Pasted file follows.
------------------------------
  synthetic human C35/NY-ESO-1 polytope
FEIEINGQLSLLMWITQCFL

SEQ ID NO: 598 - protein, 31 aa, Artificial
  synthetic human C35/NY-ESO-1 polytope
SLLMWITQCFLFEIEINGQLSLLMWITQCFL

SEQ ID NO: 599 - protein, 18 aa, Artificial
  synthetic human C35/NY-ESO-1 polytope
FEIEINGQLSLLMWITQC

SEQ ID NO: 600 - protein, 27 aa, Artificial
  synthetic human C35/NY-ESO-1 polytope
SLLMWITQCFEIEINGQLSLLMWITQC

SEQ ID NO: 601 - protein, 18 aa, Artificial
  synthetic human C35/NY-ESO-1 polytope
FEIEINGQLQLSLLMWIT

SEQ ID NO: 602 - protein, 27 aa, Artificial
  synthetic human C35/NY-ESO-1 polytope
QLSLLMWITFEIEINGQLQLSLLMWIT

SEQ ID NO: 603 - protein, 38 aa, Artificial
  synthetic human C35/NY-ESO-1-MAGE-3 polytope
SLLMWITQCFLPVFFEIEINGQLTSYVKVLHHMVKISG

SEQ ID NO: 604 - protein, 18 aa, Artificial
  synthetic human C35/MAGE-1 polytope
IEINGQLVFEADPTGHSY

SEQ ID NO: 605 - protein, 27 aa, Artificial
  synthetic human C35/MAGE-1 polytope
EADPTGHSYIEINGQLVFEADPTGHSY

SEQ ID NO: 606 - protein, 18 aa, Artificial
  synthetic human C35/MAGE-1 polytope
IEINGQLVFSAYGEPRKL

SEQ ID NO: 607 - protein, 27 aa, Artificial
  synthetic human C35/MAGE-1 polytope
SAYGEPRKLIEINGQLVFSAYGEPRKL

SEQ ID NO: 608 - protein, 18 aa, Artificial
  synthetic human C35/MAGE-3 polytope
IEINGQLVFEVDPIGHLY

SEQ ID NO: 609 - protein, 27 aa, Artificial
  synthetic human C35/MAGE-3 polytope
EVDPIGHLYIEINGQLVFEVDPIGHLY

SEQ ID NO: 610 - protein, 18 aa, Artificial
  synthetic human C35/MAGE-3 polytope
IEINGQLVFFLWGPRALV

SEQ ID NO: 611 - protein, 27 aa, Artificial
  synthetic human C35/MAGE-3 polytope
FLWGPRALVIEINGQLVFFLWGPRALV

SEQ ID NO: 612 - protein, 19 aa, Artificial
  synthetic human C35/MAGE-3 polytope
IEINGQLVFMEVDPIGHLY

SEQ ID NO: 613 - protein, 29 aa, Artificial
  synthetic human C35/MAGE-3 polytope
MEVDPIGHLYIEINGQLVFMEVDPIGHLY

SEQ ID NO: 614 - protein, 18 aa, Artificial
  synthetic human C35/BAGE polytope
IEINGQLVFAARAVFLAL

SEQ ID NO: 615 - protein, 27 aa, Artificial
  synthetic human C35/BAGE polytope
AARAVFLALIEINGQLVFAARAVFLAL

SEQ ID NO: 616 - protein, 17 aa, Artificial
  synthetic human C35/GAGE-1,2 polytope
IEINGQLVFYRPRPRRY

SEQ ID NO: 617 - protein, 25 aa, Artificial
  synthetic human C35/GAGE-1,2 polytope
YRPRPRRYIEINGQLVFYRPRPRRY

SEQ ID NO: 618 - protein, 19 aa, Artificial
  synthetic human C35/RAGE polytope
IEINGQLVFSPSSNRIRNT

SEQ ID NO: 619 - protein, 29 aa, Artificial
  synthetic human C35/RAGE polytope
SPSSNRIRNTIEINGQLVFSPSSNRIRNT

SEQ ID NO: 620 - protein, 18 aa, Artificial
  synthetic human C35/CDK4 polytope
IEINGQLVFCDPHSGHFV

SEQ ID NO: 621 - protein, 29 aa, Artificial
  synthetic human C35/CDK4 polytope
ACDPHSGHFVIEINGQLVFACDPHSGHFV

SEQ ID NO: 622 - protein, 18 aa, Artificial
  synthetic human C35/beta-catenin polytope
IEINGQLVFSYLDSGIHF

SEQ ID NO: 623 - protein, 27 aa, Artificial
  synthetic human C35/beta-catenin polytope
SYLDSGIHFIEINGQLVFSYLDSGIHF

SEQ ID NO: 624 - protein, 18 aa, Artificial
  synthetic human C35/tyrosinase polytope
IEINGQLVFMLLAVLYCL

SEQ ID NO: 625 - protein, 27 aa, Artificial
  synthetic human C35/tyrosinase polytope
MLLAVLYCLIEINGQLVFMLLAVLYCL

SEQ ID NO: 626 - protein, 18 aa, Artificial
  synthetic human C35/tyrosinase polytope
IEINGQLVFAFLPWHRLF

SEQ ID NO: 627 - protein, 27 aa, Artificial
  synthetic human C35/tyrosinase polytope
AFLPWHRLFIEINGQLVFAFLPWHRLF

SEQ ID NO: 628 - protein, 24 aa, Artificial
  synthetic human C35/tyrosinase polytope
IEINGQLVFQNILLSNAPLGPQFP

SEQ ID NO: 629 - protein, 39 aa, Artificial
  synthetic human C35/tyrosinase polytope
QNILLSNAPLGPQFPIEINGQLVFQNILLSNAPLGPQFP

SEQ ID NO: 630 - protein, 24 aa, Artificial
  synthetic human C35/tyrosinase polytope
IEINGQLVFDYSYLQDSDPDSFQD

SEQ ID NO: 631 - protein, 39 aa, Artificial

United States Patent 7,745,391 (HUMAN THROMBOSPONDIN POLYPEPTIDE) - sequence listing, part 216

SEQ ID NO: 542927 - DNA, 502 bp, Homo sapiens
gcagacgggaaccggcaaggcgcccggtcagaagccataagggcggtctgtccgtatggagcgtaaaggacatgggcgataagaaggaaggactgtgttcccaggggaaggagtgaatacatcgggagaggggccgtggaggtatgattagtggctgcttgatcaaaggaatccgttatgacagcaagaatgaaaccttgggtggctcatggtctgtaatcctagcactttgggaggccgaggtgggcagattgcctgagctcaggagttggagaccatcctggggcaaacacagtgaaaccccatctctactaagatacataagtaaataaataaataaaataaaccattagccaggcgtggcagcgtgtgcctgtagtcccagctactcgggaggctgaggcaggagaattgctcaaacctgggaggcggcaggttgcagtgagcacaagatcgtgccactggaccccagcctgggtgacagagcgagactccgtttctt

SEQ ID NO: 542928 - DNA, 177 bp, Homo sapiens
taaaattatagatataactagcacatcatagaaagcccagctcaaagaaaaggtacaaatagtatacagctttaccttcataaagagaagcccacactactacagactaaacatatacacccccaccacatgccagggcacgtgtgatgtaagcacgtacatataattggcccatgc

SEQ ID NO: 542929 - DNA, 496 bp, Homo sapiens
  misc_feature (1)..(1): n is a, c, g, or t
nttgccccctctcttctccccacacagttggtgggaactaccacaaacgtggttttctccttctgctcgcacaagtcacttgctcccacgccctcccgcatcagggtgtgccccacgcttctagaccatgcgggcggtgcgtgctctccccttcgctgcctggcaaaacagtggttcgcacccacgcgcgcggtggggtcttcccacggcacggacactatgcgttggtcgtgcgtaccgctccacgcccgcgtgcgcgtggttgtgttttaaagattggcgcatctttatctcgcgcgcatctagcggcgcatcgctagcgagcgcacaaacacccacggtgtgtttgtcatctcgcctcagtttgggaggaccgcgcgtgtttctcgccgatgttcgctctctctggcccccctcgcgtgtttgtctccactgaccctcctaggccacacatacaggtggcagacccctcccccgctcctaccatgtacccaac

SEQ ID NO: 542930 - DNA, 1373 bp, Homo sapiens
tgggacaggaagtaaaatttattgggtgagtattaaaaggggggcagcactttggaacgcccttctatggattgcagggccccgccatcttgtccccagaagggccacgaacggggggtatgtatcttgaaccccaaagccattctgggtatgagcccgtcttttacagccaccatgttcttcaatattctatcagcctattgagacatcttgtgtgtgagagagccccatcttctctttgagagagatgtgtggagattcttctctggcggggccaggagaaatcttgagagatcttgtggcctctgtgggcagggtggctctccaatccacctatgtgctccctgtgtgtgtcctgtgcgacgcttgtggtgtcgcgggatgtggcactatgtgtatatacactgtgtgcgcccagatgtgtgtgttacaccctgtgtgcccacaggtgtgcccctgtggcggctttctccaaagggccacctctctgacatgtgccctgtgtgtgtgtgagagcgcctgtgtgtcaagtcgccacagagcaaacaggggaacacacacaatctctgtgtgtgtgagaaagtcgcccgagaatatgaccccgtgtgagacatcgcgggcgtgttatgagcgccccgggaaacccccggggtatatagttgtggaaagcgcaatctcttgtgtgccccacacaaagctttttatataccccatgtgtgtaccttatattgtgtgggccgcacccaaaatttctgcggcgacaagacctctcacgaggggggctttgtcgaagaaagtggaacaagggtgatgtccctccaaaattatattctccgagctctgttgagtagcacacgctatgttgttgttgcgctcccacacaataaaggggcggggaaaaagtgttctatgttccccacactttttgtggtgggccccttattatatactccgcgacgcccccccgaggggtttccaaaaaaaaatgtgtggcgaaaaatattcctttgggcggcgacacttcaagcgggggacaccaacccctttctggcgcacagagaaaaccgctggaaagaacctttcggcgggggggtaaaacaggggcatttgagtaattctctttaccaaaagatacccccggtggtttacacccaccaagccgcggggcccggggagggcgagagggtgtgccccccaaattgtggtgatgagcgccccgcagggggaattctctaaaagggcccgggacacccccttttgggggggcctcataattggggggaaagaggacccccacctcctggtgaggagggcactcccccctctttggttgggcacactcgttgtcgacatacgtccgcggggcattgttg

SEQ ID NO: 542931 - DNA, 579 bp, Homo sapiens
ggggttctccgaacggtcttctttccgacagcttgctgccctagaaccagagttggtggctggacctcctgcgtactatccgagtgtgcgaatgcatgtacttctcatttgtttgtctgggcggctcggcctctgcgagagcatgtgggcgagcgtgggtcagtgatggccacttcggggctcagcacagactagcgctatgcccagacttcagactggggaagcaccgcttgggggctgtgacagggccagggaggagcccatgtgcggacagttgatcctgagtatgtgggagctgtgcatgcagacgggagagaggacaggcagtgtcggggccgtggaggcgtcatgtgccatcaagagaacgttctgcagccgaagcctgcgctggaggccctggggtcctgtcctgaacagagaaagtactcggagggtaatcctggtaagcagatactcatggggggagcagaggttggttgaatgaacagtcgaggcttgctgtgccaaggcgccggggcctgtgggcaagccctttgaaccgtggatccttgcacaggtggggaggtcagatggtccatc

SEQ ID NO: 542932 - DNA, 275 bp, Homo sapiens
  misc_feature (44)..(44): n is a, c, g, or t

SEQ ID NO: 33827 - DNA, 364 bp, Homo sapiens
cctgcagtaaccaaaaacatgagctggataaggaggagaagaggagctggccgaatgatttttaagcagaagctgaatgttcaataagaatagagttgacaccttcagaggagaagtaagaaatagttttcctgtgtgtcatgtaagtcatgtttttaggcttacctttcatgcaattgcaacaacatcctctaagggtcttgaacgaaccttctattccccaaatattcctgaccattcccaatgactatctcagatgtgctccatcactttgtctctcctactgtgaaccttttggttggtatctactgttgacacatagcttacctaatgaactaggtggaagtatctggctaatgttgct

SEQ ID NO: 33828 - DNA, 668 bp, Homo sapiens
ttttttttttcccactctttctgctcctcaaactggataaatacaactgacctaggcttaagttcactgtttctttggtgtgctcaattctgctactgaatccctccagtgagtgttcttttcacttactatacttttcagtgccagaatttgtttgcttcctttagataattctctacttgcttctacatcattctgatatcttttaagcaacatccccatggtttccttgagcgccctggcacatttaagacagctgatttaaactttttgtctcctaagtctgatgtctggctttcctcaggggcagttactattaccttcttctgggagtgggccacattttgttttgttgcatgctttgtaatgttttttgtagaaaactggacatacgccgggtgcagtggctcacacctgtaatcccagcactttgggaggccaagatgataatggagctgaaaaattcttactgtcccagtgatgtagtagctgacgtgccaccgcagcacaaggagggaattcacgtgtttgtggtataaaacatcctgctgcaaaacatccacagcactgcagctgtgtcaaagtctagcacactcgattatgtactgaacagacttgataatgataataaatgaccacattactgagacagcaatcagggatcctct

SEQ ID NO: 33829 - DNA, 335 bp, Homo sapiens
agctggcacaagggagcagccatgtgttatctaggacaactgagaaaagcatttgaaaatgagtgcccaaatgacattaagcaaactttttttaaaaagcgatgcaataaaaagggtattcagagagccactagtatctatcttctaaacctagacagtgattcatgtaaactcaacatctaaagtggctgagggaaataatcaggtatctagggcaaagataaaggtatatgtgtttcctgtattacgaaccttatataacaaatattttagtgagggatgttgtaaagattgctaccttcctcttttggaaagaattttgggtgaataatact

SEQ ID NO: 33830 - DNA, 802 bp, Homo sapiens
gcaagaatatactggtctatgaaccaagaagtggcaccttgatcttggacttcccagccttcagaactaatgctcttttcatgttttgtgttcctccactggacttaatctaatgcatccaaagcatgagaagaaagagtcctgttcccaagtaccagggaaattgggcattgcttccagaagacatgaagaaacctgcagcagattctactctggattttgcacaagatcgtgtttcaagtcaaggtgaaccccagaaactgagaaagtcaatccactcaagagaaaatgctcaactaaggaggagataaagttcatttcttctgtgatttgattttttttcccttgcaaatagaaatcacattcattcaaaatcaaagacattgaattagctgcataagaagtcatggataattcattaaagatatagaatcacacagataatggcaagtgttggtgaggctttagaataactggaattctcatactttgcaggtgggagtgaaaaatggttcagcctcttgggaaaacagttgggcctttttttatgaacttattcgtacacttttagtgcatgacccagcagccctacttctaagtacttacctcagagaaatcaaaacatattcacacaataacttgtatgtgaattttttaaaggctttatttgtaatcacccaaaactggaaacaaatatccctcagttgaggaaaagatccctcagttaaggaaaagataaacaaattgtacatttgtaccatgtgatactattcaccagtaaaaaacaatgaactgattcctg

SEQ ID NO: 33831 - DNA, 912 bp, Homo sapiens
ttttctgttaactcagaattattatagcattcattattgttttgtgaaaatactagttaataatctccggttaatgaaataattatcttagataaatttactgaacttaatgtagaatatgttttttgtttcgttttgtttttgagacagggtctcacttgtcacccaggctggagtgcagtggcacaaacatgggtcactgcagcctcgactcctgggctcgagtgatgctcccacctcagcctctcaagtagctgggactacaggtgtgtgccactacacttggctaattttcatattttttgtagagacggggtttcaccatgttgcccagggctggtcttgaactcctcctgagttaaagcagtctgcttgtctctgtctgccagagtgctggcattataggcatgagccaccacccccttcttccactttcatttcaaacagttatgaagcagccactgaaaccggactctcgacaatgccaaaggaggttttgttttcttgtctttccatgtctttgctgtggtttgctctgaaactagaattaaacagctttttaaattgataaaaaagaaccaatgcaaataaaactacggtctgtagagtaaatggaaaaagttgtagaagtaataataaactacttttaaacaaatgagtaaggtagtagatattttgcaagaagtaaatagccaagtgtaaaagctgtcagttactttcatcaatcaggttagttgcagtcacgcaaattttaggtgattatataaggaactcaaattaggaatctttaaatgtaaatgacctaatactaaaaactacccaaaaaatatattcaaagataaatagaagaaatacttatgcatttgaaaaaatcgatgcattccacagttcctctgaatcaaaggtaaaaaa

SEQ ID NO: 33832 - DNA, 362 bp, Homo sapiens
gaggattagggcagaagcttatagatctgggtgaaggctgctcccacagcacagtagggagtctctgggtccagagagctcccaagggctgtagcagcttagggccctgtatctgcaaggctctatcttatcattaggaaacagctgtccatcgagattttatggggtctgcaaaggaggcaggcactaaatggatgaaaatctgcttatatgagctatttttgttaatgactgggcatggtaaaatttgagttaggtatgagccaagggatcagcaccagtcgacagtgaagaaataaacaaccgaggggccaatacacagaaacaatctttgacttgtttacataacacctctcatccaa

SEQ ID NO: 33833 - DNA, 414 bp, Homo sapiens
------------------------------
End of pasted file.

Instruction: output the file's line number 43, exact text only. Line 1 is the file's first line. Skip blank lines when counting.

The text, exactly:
  synthetic human C35/MAGE-3 polytope